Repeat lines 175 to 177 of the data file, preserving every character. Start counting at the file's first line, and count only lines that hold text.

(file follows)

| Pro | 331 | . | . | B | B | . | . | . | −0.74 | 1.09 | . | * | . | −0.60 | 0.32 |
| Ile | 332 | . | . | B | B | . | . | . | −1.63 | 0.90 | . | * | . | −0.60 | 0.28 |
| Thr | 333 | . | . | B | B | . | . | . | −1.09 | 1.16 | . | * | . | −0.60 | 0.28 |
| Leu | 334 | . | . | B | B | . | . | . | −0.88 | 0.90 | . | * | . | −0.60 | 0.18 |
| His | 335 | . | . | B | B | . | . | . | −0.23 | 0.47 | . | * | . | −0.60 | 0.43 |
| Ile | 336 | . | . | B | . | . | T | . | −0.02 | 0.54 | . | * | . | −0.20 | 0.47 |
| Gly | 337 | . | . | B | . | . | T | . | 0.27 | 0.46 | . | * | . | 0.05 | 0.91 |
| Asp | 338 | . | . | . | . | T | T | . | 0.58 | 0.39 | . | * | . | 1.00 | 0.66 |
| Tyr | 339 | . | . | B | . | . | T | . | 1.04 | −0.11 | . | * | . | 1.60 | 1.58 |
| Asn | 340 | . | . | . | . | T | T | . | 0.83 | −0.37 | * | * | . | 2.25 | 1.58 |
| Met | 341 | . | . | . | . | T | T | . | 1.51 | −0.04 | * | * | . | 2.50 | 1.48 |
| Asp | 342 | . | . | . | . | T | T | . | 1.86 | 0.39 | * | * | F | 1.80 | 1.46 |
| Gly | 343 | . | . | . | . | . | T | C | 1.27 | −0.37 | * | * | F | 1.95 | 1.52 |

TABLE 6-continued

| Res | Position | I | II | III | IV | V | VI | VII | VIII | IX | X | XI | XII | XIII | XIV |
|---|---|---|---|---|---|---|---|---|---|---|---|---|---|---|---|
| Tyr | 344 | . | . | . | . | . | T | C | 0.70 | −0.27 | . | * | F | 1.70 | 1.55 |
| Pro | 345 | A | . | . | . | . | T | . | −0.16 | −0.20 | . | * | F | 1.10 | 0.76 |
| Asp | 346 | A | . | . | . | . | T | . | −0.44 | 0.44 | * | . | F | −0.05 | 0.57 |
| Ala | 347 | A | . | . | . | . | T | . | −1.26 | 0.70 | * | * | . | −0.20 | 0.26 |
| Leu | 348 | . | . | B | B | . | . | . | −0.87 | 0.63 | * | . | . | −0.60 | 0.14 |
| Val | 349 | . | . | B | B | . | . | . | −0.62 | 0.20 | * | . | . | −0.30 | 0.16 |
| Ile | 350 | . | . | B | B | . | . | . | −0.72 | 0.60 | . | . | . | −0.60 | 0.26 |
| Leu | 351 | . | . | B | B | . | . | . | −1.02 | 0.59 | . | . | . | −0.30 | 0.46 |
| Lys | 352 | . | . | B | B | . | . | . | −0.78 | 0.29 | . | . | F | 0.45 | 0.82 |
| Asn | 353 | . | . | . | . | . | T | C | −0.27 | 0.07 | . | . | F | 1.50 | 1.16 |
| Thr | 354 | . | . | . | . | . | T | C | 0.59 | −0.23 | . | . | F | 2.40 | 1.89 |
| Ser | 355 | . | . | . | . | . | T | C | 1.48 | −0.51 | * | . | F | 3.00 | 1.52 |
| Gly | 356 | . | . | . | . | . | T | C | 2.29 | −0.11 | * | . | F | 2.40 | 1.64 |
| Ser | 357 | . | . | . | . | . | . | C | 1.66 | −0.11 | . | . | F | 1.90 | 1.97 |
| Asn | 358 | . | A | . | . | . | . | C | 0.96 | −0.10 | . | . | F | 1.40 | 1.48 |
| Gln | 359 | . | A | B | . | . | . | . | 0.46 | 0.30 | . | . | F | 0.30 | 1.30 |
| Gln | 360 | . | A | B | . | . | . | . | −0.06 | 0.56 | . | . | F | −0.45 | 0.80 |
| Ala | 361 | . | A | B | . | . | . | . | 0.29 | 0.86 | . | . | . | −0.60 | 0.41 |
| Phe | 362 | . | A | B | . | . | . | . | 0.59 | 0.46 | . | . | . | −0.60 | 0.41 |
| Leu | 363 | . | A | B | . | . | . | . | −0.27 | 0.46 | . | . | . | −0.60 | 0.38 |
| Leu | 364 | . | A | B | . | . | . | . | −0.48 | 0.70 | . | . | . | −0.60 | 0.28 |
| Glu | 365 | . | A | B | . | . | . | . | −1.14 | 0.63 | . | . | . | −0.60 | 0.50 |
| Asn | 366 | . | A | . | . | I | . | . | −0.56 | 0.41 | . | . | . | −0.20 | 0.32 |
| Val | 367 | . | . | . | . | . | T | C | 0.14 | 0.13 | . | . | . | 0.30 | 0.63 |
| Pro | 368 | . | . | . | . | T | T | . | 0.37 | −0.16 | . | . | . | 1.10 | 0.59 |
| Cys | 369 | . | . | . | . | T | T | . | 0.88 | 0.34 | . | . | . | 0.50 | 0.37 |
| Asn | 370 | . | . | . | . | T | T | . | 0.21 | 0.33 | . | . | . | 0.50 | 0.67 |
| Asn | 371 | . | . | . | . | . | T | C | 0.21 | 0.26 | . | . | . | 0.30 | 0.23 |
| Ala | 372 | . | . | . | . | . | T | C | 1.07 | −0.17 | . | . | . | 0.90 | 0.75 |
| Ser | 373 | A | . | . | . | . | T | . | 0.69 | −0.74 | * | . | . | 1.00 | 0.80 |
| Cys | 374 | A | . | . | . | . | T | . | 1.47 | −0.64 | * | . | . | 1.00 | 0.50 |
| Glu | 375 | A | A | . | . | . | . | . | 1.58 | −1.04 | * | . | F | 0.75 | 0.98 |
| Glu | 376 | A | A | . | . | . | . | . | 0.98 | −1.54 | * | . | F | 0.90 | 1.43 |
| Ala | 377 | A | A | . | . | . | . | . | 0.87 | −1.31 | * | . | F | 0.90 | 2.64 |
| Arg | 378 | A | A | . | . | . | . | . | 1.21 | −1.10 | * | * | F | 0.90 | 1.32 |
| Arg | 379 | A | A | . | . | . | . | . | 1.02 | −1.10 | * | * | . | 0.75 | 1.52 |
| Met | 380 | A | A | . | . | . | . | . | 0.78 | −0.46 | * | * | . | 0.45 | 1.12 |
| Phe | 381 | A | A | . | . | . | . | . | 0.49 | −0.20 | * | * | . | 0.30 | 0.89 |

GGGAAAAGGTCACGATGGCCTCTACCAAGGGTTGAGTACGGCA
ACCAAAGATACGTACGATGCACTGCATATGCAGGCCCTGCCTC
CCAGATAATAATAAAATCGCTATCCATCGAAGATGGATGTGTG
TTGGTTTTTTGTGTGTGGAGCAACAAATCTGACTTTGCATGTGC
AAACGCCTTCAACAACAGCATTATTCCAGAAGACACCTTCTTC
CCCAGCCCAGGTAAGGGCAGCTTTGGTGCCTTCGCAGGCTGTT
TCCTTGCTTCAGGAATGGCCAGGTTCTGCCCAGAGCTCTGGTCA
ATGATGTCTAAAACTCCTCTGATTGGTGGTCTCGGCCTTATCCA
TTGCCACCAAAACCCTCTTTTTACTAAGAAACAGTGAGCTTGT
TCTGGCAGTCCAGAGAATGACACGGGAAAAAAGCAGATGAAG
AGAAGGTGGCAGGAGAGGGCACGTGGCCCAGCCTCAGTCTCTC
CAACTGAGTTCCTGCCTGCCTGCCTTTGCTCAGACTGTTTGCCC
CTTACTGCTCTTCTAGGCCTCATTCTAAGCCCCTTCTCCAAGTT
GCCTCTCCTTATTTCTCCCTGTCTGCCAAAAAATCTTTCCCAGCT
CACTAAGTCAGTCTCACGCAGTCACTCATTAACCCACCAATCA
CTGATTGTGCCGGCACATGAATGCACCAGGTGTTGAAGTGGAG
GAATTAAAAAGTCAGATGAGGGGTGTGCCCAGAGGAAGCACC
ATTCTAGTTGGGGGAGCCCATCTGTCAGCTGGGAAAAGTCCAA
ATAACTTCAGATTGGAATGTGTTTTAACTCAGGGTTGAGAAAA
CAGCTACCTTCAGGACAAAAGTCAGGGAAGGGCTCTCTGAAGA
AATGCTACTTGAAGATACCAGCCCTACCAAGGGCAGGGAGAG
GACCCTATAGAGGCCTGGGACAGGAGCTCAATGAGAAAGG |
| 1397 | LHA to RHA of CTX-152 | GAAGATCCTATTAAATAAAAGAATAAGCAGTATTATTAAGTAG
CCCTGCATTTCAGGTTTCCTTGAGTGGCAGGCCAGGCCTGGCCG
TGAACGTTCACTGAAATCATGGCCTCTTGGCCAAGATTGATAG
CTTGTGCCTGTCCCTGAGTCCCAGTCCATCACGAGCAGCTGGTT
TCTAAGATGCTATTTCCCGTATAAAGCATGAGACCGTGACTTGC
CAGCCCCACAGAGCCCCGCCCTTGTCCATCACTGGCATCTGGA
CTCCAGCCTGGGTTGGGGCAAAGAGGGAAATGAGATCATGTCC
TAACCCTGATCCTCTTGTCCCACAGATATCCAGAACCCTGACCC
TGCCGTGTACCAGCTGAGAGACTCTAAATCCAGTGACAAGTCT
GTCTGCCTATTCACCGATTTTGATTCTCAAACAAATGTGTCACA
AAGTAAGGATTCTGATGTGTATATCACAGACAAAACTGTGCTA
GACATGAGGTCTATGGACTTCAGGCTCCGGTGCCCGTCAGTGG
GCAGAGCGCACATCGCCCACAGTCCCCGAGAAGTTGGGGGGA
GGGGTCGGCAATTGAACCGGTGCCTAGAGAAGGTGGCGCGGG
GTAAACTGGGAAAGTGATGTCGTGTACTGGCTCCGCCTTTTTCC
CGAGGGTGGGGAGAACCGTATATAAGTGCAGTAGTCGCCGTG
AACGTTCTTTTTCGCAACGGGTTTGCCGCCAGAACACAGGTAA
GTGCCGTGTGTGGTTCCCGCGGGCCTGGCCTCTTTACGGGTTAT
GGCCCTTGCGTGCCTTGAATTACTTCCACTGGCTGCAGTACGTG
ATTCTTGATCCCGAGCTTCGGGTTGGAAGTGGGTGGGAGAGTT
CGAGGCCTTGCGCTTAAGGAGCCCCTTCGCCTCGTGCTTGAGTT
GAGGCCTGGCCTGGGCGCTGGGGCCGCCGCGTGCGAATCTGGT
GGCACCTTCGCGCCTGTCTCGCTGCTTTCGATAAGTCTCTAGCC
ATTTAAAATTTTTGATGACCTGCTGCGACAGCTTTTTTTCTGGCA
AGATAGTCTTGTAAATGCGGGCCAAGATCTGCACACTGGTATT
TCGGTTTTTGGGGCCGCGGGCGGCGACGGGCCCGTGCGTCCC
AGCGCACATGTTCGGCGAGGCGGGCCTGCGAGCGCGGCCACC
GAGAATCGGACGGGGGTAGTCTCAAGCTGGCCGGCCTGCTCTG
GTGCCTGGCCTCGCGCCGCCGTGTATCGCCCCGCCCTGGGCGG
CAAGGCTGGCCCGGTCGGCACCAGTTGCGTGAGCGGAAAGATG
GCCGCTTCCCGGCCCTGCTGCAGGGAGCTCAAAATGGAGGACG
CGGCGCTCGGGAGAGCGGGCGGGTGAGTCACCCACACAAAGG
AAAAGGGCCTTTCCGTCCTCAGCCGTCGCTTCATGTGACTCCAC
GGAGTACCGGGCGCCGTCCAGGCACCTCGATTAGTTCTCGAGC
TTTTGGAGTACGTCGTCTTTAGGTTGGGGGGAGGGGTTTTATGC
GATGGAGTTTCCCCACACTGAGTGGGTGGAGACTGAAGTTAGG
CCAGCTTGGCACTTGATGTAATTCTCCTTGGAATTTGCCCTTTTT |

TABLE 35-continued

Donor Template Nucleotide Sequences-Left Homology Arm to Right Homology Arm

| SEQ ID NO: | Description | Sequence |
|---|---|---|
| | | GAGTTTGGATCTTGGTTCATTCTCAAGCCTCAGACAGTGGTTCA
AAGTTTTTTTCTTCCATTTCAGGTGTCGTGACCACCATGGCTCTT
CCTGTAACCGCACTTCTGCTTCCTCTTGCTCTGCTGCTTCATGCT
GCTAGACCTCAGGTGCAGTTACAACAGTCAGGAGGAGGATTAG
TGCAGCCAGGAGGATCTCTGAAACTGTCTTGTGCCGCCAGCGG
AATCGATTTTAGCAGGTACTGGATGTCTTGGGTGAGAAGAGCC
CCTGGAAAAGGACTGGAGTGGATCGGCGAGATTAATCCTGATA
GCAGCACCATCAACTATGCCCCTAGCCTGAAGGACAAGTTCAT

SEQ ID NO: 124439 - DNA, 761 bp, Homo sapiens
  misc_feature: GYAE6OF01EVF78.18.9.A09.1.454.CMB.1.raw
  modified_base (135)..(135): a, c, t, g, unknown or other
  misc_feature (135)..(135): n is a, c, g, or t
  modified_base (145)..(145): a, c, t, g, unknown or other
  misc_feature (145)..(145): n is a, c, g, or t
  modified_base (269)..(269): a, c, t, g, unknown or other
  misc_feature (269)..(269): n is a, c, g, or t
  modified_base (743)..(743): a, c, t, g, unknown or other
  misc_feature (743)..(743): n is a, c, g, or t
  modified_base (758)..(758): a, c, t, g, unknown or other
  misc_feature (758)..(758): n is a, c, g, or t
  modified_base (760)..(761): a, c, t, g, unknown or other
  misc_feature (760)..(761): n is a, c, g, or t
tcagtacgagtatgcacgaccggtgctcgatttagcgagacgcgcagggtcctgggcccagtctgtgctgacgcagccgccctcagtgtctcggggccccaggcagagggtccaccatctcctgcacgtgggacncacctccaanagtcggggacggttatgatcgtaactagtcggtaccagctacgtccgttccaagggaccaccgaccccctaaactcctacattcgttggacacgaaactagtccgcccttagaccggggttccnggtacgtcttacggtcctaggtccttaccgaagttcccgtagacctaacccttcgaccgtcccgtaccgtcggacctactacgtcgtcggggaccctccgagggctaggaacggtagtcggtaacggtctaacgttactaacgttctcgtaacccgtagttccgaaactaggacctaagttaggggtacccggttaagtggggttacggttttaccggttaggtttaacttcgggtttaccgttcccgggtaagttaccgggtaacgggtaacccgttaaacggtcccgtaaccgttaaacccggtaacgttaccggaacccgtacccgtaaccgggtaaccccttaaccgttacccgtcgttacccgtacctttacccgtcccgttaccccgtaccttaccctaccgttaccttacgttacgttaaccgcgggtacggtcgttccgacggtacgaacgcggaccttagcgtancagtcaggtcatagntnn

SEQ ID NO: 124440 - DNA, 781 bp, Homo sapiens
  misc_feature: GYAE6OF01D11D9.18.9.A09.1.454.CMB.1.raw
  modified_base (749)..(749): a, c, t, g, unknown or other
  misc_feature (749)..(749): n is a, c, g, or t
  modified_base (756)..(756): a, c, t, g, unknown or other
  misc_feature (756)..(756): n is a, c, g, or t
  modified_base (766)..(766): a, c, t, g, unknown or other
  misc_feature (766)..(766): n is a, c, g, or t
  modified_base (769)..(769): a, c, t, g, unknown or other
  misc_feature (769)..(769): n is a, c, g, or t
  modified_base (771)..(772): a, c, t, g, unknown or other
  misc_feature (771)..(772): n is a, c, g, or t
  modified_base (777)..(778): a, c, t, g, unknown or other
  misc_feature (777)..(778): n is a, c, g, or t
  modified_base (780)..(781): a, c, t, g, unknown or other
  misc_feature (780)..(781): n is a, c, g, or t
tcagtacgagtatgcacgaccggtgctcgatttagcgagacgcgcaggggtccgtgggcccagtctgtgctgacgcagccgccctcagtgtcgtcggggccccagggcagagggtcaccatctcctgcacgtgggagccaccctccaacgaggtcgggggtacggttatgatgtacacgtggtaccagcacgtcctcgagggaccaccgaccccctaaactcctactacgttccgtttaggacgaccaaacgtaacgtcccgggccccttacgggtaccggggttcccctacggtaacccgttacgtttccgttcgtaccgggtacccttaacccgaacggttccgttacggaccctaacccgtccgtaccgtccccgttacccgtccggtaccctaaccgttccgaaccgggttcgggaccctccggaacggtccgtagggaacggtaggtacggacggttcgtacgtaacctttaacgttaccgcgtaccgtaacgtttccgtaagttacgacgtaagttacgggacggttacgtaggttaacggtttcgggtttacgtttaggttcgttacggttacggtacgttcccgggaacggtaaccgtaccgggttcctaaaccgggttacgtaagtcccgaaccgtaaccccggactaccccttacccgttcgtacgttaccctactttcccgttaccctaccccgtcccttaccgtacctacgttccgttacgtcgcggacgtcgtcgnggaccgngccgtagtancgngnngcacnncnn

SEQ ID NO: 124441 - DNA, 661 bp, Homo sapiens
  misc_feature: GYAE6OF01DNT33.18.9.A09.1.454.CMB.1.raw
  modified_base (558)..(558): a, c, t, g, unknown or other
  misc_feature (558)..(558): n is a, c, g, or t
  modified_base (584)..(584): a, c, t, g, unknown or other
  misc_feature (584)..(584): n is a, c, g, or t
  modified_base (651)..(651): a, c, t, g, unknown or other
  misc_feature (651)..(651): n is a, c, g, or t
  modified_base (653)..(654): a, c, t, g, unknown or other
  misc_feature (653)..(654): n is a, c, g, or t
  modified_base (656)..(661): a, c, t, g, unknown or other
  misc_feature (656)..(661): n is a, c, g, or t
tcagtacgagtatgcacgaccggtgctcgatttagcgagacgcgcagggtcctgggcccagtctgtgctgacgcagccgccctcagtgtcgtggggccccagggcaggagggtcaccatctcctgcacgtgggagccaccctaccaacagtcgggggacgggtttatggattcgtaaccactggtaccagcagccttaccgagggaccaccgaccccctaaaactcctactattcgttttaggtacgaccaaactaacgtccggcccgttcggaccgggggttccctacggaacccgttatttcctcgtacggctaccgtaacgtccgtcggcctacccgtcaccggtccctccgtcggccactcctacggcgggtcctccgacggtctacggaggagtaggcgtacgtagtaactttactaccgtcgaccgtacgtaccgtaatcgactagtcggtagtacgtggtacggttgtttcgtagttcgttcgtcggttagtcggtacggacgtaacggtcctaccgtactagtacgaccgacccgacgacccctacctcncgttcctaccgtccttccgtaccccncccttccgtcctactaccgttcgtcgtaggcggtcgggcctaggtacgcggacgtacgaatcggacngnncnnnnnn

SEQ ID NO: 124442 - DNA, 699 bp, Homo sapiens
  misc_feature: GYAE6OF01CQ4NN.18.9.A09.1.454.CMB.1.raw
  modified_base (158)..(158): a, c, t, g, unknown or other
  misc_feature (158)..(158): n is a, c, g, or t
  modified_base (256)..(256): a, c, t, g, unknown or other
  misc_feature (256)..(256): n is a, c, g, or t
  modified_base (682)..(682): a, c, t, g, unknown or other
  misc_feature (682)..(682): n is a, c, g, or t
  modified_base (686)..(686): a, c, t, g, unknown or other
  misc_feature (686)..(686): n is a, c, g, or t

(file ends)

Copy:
  modified_base (256)..(256): a, c, t, g, unknown or other
  misc_feature (256)..(256): n is a, c, g, or t
  modified_base (682)..(682): a, c, t, g, unknown or other